And I would really like to see a Ranked Pairs ranking. This would bring something new to the rumble. It is superior to the current PL (Copeland) system in almost every way, except maybe CPU/memory performance. I was thinking in building another RoboRumble server myself, designed specifically to calculate complex rankings like Ranked Pairs. But didn´t find the time to do it yet.

MN16:54, 29 October 2012

The thing about ranked pairs is that I haven't seen any which provide absolute scores per bot, rather than relative scores - I guess this is just part of the definition? Because of this there isn't any way to make partial improvements however, which makes it meaningless as a testing metric. Also, they are usually difficult to understand (conceptually), so understanding which pairing is causing a score loss is harder. That's why I like the Win% and Vote% as metrics for robustness, and APS for overall strength, because they are easy to understand, calculate and identify problem bots.

Skilgannon00:11, 30 October 2012

In Ranked Pairs, competitors causing problems are always above in the ranking, with the one causing most problems almost always directly above. Competitors below in the ranking never cause problems.

Unless you are competing for the bottom, when you reverse the logic. Competitors causing problems are always below, and competitors above never cause problems.

Although the calculation is complex, the resulting ranking follows a rather straighforward transitive logic. Winners staying above losers, with this always being true between adjacent competitors in the ranking.

This is due to 3 criteria being met at the same time, ISDA, LIIA and cloneproof.

But Ranked Pairs is not meant to replace APS or ELO, it is meant to replace PL (Copeland). APS and ELO give a rating which helps track improvement while Ranked Pairs and Copeland don´t.

MN15:18, 30 October 2012

I think if you add a `d/(100-x)` term it will improve the fit near the top. Perhaps use `d*(100-x)^e` for the slow/accurate version, although you can't use simple linear algebra to find the best `e` then, a genetic approach would probably be better.

I like the idea of this, just for historical reasons to have a decent mapping of APS to ELO, and would consider adding a column in the LiteRumble page for it. I would calculate this on the fly as the page loads, since for me with Python on App Engine the slow part of the code is the interpretation of the code, not the individual math operations the code calls =)Of course I'd have to test to make sure it doesn't slow it down too much, but it should be fine, the fast version if nothing else.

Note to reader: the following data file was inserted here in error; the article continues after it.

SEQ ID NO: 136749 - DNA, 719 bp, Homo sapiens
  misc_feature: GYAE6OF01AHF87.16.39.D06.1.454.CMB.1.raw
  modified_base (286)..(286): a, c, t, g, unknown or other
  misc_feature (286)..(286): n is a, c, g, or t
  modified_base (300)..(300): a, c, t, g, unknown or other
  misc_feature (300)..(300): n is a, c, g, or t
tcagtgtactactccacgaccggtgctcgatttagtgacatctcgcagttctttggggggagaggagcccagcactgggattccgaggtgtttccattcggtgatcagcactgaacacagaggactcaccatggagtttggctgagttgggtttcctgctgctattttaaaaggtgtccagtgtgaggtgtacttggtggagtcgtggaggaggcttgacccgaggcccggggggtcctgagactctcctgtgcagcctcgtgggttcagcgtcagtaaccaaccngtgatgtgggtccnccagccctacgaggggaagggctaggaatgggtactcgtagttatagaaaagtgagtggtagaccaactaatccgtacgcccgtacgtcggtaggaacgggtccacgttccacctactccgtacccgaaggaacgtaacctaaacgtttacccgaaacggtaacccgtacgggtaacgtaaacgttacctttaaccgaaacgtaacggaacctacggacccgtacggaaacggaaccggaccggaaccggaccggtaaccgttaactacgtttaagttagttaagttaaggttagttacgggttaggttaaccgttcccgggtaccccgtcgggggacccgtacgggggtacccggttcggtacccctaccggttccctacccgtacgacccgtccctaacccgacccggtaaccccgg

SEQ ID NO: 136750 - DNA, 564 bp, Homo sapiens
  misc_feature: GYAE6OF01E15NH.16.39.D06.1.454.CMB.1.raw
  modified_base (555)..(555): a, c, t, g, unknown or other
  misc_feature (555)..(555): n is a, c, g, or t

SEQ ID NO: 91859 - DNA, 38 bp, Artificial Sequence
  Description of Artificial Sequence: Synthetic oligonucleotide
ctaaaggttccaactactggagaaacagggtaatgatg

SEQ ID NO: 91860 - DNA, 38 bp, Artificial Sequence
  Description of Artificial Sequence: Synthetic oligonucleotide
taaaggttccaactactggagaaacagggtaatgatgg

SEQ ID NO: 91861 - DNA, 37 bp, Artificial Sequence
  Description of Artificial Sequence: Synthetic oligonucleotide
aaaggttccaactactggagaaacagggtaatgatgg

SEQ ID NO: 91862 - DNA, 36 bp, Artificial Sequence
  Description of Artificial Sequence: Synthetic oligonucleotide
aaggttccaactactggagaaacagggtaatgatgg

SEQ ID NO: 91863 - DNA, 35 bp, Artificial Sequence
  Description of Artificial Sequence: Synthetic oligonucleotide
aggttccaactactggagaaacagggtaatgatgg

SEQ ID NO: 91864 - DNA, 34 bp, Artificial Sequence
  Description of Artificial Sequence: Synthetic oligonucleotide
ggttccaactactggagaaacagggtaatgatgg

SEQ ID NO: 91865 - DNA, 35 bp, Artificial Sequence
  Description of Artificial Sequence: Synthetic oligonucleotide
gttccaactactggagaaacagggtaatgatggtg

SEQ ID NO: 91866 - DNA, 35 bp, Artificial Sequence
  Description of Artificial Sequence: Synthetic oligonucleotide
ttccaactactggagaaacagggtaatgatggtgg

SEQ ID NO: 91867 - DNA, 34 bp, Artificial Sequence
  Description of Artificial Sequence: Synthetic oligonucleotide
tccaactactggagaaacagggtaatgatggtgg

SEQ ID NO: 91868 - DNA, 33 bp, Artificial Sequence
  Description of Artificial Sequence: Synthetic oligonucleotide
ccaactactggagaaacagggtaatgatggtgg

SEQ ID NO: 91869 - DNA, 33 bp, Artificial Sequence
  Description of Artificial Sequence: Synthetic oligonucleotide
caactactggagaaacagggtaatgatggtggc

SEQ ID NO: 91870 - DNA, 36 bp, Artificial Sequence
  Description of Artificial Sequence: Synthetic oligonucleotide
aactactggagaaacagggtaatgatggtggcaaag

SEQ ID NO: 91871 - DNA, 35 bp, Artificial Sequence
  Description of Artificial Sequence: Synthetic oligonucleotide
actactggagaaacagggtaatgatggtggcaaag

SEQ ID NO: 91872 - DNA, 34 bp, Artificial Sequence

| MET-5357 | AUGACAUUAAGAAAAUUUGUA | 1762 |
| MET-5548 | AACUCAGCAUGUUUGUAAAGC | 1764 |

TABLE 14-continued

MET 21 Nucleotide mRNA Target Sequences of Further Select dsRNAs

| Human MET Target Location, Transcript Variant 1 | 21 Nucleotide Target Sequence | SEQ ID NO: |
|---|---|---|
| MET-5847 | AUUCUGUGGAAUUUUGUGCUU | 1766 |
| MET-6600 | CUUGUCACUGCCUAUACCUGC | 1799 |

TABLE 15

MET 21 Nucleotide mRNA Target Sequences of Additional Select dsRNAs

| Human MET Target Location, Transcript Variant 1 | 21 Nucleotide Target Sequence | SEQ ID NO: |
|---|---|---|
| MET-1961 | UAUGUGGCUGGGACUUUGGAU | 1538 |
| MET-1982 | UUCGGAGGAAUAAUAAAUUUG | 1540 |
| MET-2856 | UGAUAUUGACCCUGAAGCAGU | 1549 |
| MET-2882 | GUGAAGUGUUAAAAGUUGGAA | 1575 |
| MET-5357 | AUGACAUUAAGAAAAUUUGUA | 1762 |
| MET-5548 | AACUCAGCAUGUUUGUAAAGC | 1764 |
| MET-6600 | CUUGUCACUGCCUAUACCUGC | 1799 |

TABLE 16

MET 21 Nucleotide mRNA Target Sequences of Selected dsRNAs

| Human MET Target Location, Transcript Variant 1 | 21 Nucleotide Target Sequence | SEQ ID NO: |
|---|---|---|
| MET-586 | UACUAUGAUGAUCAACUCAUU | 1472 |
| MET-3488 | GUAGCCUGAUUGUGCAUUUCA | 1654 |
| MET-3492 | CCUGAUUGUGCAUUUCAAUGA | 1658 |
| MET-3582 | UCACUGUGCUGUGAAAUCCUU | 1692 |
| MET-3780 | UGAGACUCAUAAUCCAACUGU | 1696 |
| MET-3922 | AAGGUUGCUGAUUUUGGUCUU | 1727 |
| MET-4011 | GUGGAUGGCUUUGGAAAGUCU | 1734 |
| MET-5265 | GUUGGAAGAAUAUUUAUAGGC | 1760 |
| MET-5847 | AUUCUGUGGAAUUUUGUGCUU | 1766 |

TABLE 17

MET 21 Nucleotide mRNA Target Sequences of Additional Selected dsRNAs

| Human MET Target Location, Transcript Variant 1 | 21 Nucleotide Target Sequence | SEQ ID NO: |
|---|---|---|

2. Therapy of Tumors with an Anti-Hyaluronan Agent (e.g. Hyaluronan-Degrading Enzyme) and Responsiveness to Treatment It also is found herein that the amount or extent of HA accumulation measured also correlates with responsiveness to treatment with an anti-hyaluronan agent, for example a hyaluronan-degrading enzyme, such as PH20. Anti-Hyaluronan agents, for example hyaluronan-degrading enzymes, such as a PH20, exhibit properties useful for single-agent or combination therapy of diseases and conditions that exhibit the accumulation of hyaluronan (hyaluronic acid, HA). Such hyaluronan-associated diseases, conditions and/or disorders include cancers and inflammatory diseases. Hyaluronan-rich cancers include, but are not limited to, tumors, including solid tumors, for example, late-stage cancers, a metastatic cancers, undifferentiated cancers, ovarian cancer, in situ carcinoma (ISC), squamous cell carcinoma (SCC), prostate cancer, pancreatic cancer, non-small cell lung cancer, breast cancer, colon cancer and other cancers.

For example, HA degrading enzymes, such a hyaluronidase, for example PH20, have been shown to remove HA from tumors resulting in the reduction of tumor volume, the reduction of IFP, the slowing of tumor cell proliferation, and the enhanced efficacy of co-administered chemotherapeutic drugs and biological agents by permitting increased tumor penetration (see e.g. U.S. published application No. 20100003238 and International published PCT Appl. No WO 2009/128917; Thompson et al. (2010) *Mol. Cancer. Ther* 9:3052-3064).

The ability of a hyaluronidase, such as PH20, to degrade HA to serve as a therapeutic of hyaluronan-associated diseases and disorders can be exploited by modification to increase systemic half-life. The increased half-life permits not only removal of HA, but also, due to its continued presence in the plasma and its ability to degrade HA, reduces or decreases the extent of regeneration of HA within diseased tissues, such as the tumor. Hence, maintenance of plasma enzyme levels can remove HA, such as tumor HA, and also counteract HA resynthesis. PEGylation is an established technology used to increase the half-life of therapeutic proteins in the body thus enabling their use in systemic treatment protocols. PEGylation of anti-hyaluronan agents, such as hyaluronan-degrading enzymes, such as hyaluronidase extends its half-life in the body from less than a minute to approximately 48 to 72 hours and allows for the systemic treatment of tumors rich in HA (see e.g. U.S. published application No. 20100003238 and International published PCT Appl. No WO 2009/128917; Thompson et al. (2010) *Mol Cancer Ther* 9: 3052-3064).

Skilgannon00:19, 30 October 2012

Ah good idea, how about this? It is a real mess at the moment. But it seems to work, and is a bit more accurate in my opinion in placing certain bots where they belong. It also has negative and positive infinity for 0 and 100.

```public static final double calculateApproxElo(double x) {
double a = 0.0007082;
double b = -0.00000334;
double c = 0.003992;
double d = -124.3;
double e = 647.4;
double f = -72.5;
return 1.0/(a+b*x+c/x) + d/x + e/(100-x) + f;
}```

That is, Diamond and DrussGT are in the 2200 (only just), Phoenix up are in the 2100, Help and up are 2000. The 1900's start around Raiko/Lacrimas.

09:24, 30 October 2012

Here are some graphs.

09:45, 30 October 2012

If you want to enforce a specific rating for a specific competitor, you can also adjust the DESIRED_AVERAGE in the algorithm above so ratings match what you want.

MN17:03, 30 October 2012

The real challenge is making multiple bots line up, which is about what I managed here.

09:33, 31 October 2012

If you change the rating difference between competitors, you distort expected score estimation, PBI and specialization indexes. It is no longer ELO-like.

That´s why the code I put above shifts all competitors up or down equally.

MN18:41, 31 October 2012

Looks pretty good. Any chance you could show that first graph overlayed with a scatter plot of the training samples you used?

Skilgannon09:35, 31 October 2012

The first one was generated (calcelofast). I used all samples from 2009 rumble archive aps and glinko-2.

From there it was hand tuned to be honest.

11:01, 31 October 2012

Wow, ok. It would only be a couple lines of Matlab/Scilab to do a proper regression though. Wouldn't that be better?

Skilgannon11:04, 31 October 2012

If you want to do one. You can just get the output from the algorithm and use those as the samples.

(I don't have MatLab actually).

11:06, 31 October 2012

Try this: `elo(APS) = -300*ln(100/APS - 1) + 1600`

It uses a reflected normal sigmoid so (I think) it's based off of the same theory that the ELO is. Here's a pretty graph =) It's properly centered at 1600 as well, unlike our glicko2 implementation which it seems has drifted - 50APS doesn't line up with 1600 like it used to (perhaps due to more strong bots re-submitted like MN was saying).